Healthcare spending is out of control, but it's because of the innovation being done in medicine, tests, and treatments. This indicates that there is a need to rely on technology to economize the health industry.
The best example is human genome sequencing. When introduced in 2003, the project cost over $3 billion dollars. Now, it is possible to sequence the human genome for just under $1,000. This shows how technological advancement leads to cost effectiveness.
Take surgical technologies as another example. Spinal surgeons in the U.S. mostly use principle devices such as the pedicle screw systems. However, technology has introduced interspinious process spacers and cervical/lumbar artificial discs that not only improve the procedure, but also make the surgery less complex.
Key figures are also driving the technology based impetus. For example, Steve MacMillan is a part of the organization whose new system allows doctors to precisely cut and coagulate soft tissue. The FMwand Ferromagnetic Surgical System is new to the market and is innovative in the sense that it uses heat energy to cut and coagulate tissue instead of passing current (in conventional models). This in turn reduces the damage to normal areas by a great extent.
Another innovation is that of nano-grafts that can be made for skin based surgeries. In this case, scaffolds carrying bio-mimicking material are used that allows skin regenerations. Alternative protocols are also investigating if stem cells can be injected into the grafts. This is an important area from the commercial point of view because there are a lot of causes of skin related issues in war affected areas.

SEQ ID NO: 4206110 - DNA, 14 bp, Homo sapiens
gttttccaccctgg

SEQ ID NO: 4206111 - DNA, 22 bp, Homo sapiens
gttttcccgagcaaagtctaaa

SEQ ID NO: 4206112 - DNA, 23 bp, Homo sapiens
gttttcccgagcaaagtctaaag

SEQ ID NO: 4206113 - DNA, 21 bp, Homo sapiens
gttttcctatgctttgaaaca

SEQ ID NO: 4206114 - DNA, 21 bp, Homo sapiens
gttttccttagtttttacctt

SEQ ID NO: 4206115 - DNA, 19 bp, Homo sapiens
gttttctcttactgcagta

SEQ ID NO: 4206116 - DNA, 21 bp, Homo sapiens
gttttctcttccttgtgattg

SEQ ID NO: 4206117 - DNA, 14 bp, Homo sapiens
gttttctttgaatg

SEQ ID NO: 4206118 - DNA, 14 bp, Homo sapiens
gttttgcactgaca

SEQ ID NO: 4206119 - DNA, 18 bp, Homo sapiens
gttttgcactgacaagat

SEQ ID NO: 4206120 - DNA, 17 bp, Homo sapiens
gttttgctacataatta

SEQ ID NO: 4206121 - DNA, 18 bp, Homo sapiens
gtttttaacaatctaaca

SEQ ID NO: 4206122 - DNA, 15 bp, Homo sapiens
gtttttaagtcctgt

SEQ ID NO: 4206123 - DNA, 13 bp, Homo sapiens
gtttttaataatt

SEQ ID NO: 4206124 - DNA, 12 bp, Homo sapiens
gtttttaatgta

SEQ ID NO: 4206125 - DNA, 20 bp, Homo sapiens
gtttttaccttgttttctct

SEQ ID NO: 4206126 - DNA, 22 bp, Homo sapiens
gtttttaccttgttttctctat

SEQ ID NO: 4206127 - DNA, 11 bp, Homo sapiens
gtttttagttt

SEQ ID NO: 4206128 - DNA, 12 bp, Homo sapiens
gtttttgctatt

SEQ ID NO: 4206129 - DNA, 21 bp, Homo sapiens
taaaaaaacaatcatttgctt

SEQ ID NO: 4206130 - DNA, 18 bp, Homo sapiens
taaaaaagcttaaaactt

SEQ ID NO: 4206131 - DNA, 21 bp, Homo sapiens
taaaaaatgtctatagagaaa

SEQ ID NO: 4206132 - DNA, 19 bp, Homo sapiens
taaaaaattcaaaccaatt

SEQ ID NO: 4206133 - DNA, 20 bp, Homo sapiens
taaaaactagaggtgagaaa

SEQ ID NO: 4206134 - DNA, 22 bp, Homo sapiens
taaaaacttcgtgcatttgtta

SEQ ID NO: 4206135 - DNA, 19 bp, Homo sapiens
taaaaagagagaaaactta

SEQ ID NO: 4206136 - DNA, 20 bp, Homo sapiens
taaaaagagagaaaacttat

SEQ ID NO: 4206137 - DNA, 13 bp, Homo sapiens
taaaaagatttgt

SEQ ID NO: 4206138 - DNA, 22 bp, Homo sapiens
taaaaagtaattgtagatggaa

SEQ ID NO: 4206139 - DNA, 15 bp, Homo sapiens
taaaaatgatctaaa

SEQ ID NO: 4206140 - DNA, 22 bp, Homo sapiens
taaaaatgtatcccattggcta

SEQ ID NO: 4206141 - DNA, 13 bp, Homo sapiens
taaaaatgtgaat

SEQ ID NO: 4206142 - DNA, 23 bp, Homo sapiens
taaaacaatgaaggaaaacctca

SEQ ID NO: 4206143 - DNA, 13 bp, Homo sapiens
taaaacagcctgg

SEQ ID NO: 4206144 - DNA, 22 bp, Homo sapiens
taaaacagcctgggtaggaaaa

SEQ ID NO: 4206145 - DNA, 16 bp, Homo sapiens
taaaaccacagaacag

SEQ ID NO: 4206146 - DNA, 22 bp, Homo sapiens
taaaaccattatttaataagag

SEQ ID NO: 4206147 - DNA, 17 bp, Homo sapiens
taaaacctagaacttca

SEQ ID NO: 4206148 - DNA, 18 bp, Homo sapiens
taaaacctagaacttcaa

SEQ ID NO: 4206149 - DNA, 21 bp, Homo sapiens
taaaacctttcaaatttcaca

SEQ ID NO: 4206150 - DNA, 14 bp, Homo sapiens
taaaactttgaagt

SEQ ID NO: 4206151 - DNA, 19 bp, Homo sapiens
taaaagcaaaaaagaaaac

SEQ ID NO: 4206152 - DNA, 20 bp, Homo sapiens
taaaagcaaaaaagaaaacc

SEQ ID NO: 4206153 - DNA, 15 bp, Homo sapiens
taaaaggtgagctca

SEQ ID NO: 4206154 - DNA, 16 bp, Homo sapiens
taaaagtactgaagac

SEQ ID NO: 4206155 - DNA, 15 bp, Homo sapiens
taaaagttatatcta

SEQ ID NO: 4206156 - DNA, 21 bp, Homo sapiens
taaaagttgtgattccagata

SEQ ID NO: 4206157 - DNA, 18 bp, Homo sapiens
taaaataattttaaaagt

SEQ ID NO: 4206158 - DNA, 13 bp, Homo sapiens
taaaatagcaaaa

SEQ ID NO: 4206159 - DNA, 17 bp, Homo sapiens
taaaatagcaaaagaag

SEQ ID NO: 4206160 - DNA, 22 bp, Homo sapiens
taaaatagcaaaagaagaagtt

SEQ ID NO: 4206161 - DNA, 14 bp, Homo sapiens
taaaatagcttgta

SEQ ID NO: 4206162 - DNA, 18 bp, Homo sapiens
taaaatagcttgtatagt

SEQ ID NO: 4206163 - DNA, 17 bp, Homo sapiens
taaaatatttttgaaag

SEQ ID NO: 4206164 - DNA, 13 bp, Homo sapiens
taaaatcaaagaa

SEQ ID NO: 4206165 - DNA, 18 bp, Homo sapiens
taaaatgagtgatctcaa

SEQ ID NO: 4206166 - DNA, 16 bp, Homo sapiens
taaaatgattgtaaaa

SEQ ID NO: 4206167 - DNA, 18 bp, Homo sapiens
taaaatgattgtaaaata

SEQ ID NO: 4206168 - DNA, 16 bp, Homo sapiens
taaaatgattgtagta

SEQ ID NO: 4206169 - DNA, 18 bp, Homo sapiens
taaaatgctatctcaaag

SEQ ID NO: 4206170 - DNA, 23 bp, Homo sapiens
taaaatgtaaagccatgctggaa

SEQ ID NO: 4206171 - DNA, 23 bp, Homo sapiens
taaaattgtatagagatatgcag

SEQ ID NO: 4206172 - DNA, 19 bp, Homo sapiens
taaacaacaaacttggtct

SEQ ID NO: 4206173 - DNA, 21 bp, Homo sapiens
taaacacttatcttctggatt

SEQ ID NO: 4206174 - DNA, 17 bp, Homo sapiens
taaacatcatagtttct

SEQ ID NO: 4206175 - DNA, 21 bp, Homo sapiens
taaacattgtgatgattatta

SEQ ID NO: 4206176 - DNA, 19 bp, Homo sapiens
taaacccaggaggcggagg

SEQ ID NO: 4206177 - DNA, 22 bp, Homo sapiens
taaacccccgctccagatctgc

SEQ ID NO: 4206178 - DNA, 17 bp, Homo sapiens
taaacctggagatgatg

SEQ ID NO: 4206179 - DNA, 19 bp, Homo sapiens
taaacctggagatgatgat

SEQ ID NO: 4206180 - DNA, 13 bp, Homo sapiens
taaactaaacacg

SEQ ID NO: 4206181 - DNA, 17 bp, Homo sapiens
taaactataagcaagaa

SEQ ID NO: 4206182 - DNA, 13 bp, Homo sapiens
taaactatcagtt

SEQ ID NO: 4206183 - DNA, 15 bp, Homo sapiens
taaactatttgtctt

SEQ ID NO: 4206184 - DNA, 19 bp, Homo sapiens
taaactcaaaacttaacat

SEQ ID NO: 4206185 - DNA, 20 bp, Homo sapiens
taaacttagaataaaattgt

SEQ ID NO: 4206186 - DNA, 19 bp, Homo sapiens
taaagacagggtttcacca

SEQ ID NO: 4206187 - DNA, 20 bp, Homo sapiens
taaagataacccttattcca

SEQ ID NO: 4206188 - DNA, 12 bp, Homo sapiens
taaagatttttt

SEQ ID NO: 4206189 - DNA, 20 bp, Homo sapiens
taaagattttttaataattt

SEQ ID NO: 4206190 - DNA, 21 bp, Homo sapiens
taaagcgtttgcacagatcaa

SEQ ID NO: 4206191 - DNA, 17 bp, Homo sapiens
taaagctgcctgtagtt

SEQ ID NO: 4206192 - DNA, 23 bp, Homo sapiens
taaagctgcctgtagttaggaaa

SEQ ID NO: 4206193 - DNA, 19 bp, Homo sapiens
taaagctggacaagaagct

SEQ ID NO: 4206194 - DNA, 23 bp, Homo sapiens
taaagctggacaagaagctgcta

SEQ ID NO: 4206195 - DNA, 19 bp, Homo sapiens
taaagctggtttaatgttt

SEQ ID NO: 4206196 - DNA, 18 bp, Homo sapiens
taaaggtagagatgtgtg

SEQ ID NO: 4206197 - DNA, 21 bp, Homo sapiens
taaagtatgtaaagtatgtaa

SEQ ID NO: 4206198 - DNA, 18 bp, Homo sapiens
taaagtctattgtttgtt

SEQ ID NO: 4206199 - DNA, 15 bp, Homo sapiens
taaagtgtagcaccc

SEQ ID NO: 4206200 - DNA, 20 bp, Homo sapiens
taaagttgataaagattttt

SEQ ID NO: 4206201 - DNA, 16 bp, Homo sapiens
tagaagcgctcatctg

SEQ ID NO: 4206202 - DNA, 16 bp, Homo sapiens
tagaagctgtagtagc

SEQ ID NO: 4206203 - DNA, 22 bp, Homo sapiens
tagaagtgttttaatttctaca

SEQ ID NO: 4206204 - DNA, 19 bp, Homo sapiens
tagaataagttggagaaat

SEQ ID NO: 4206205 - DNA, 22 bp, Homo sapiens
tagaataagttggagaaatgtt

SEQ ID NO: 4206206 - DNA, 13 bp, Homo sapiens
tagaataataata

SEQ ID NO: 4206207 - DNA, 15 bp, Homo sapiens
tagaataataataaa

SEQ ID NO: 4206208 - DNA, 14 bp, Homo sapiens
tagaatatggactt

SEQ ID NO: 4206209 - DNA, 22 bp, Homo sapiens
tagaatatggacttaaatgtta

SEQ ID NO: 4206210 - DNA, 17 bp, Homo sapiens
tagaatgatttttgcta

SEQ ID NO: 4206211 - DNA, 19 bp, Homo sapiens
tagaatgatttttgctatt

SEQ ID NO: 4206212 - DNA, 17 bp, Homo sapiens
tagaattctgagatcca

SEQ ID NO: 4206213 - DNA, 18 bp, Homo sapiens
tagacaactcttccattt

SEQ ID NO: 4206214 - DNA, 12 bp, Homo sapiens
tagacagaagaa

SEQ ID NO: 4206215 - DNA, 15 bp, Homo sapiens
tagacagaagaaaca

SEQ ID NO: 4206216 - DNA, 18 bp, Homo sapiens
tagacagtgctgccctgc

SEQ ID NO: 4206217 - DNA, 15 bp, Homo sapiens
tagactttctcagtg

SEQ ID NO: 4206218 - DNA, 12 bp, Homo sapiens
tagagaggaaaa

Single Port Surgery is also a major technological advancement and is relying on the use of wristed robotic instruments. The relevant instruments are rigged to a fluorescence imaging system that operates via the camera head. The surgeon uses the instruments from a surgeon console that is digitally managed. The fluorescent labeling can be used to target point of infection such as renal arteries, prostate gland, etc.
Despite these achievements, questions remain whether the new healthcare system is helping progress or not.
Grant-awarded organizations such as the NIH emphasize that projects should be focused on application rather than pure science. This approach allows efficient and cost-effective science. In the long run, the U.S. health care system is indeed improving technology and efficiency through new technology.